In the late 1890s and into the early 1900s, 4-H programs began throughout the country in response to young people and their need for a better agricultural education.
Boys and girls clubs were established to meet this need. This community club model engaged youth through "learning by doing."
Most states organized clubs outside of schools with parents serving as volunteer leaders and educators providing appropriate educational materials.
No one individual is credited with originating the 4-H program but rather the program was founded through collective efforts of several individuals over the course of few years.
In 1907 or 1908, the program's first emblem used nationally was designed by O. H. Benson as a three-leaf clover. It stood for head, heart, and hands. In 1911, Benson suggested that the fourth H should be hustle, and the 4-H design was adopted.
I can't help but wonder if that's where my 4-H club got its name. I am an alumnus of the Humboldt Hustlers of Minnehaha County.
Later O. B. Martin suggested that health replace hustle. The 4-H emblem has stood for head, heart, hands, and health ever since.
In 1912, Benson established federal-state-county programs through cooperative agreements, which tied the three entities of Extension work together. Twenty-eight such cooperative agreements between the Office of Farmer Cooperative Demonstration Work and the land-grant colleges promoted youth club work.
By 1912, 73,000 boys and 23,000 girls were enrolled in club work. At a meeting in 1912, participants urged the development of a uniform reporting form to show what each member was learning and doing. This consistent reporting method provided a common base for club work across the country.
This practice has stood the test of time. Clay County 4-H'ers still must turn in their "records" each year. Local clubs hold their monthly meetings.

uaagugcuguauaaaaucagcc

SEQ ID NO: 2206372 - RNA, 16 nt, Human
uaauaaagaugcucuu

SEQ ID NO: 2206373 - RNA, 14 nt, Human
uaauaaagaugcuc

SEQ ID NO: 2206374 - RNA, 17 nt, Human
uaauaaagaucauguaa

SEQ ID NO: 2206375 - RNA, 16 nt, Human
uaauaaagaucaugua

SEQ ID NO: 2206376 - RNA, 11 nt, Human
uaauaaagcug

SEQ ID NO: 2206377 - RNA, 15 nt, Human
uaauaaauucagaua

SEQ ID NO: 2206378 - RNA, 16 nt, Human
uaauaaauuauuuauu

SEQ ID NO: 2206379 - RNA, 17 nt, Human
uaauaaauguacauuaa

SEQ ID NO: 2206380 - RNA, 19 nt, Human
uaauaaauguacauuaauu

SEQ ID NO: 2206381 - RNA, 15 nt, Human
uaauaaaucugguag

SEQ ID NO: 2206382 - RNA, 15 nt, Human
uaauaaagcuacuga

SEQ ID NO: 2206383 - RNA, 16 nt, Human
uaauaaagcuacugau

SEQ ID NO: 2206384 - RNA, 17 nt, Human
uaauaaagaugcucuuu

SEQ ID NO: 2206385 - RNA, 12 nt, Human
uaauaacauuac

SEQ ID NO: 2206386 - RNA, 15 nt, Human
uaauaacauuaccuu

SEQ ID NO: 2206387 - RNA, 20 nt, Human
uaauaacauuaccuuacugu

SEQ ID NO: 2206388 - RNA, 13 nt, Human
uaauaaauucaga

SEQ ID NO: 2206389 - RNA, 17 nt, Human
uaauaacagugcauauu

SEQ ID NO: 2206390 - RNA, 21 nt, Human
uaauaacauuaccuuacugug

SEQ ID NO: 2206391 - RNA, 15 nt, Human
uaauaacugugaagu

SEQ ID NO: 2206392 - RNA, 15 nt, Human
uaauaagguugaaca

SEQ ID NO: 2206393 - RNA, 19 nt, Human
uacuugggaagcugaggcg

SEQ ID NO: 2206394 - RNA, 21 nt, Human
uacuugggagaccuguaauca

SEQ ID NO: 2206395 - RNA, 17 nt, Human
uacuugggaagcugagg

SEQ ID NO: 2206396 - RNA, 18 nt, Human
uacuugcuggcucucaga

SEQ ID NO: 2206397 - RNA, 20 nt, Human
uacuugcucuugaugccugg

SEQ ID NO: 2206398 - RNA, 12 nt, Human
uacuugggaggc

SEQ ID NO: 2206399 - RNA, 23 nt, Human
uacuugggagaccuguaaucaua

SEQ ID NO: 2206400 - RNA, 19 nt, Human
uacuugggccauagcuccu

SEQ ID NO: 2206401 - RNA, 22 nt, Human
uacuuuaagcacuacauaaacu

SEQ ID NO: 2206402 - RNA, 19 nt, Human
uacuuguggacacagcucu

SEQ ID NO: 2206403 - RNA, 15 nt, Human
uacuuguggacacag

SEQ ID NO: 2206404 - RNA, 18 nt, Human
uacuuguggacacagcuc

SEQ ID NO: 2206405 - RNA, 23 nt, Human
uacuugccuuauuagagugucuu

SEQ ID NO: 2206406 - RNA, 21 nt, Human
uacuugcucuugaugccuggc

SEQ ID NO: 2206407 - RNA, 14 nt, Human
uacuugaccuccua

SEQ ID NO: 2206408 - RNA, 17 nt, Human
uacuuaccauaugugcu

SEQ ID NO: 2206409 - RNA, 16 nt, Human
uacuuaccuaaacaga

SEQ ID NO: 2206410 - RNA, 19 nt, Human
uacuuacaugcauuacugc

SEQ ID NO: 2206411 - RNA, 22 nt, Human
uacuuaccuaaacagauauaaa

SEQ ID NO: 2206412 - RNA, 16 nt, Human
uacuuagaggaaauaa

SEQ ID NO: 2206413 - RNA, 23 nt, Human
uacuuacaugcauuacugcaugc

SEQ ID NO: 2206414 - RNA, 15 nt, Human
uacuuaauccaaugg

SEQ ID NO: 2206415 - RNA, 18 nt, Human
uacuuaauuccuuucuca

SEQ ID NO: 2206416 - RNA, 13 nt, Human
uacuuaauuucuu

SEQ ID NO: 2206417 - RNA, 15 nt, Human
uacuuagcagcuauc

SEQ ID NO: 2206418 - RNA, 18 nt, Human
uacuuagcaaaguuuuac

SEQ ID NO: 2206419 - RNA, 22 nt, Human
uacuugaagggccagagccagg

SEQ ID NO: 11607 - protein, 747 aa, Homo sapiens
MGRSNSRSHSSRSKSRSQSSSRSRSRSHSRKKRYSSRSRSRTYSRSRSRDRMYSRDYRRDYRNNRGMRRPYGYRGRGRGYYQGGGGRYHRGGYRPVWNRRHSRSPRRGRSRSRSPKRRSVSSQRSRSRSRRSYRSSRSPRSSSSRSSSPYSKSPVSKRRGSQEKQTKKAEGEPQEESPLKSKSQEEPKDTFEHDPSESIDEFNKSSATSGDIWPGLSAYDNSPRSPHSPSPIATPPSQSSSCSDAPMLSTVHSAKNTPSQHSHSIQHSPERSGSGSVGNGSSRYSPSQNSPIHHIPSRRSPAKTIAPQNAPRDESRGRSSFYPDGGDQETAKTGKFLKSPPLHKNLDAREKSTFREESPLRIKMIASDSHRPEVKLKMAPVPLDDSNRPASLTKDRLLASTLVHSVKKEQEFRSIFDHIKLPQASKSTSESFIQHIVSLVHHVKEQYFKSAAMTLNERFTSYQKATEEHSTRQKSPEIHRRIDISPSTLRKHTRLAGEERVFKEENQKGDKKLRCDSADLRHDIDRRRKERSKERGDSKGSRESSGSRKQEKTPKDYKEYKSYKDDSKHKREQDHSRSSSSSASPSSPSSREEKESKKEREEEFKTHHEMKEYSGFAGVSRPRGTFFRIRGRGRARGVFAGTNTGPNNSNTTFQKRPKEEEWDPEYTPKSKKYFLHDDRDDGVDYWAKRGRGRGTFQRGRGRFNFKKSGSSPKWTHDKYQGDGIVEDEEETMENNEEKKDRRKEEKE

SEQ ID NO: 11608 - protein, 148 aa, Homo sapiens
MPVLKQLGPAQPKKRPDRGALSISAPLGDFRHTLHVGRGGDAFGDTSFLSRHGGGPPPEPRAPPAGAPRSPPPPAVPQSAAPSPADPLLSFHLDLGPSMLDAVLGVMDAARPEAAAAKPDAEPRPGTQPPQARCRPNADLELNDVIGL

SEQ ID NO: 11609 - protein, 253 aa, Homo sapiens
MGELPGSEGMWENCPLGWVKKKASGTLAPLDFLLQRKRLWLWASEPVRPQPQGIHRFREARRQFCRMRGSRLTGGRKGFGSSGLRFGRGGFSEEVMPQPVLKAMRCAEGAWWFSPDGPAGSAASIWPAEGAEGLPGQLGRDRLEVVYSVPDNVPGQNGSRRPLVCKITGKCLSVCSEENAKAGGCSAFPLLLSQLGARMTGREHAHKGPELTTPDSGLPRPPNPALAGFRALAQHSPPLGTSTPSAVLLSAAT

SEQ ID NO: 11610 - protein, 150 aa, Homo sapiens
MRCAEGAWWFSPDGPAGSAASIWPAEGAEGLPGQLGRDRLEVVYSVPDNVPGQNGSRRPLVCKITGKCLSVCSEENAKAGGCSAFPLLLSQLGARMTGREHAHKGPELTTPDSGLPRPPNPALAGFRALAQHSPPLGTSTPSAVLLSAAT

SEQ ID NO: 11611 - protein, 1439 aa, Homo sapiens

If you’re a former 4-H’er like me, one thing you’ll find when you visit the Clay County Fair this week is 4-H has evolved into an organization that prepares young people to tackle the challenges that await our nation and world in years to come.
Those challenges range from global food security, climate change and sustainable energy to childhood obesity and food safety.
Today’s 4-H offers young people across the nation a wide variety of STEM opportunities – from agricultural and animal sciences to rocketry, robotics, environmental protection and computer science – to improve the nation’s ability to compete in key scientific fields and take on the leading challenges of the 21st century.
Planning the three-day event each year takes a lot of planning, a lot of physical work by volunteers and the fair board and some savvy fiscal management, since funding is always an issue.
Thankfully, local business sponsors recognize the importance of this summer ritual and help make the 4-H-related events and the county fair activities possible.
Our county's 4-H'ers have put in tons of hours of work preparing for this week.
Their efforts will be rewarded as they participate in the county fair.
That's what matters. It’s why God made farmers’ kids.